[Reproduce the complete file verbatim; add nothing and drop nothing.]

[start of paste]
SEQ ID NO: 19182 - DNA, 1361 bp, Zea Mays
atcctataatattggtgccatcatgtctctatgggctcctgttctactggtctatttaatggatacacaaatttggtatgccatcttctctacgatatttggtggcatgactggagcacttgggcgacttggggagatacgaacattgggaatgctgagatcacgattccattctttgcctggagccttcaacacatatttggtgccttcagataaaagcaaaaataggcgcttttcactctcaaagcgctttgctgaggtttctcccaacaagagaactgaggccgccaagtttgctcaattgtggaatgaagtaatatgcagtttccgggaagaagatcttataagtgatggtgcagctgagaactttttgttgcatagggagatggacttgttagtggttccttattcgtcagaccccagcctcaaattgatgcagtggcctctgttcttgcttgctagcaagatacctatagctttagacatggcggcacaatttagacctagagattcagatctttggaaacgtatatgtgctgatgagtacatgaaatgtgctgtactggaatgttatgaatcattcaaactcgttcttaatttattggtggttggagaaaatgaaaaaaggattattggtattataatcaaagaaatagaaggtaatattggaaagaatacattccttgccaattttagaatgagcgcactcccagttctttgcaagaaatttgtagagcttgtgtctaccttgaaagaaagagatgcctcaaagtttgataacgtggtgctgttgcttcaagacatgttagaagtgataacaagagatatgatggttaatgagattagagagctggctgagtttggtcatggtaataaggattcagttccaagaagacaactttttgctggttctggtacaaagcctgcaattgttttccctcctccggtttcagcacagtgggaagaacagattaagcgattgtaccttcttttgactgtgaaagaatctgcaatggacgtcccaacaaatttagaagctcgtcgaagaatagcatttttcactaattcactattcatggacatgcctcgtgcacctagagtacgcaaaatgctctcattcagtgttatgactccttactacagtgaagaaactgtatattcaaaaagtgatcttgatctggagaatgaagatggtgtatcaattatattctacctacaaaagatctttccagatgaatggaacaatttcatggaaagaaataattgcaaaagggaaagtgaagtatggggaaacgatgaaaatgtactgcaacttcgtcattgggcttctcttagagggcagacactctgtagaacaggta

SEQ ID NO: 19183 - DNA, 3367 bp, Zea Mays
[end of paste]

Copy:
SEQ ID NO: 19182 - DNA, 1361 bp, Zea Mays
atcctataatattggtgccatcatgtctctatgggctcctgttctactggtctatttaatggatacacaaatttggtatgccatcttctctacgatatttggtggcatgactggagcacttgggcgacttggggagatacgaacattgggaatgctgagatcacgattccattctttgcctggagccttcaacacatatttggtgccttcagataaaagcaaaaataggcgcttttcactctcaaagcgctttgctgaggtttctcccaacaagagaactgaggccgccaagtttgctcaattgtggaatgaagtaatatgcagtttccgggaagaagatcttataagtgatggtgcagctgagaactttttgttgcatagggagatggacttgttagtggttccttattcgtcagaccccagcctcaaattgatgcagtggcctctgttcttgcttgctagcaagatacctatagctttagacatggcggcacaatttagacctagagattcagatctttggaaacgtatatgtgctgatgagtacatgaaatgtgctgtactggaatgttatgaatcattcaaactcgttcttaatttattggtggttggagaaaatgaaaaaaggattattggtattataatcaaagaaatagaaggtaatattggaaagaatacattccttgccaattttagaatgagcgcactcccagttctttgcaagaaatttgtagagcttgtgtctaccttgaaagaaagagatgcctcaaagtttgataacgtggtgctgttgcttcaagacatgttagaagtgataacaagagatatgatggttaatgagattagagagctggctgagtttggtcatggtaataaggattcagttccaagaagacaactttttgctggttctggtacaaagcctgcaattgttttccctcctccggtttcagcacagtgggaagaacagattaagcgattgtaccttcttttgactgtgaaagaatctgcaatggacgtcccaacaaatttagaagctcgtcgaagaatagcatttttcactaattcactattcatggacatgcctcgtgcacctagagtacgcaaaatgctctcattcagtgttatgactccttactacagtgaagaaactgtatattcaaaaagtgatcttgatctggagaatgaagatggtgtatcaattatattctacctacaaaagatctttccagatgaatggaacaatttcatggaaagaaataattgcaaaagggaaagtgaagtatggggaaacgatgaaaatgtactgcaacttcgtcattgggcttctcttagagggcagacactctgtagaacaggta

SEQ ID NO: 19183 - DNA, 3367 bp, Zea Mays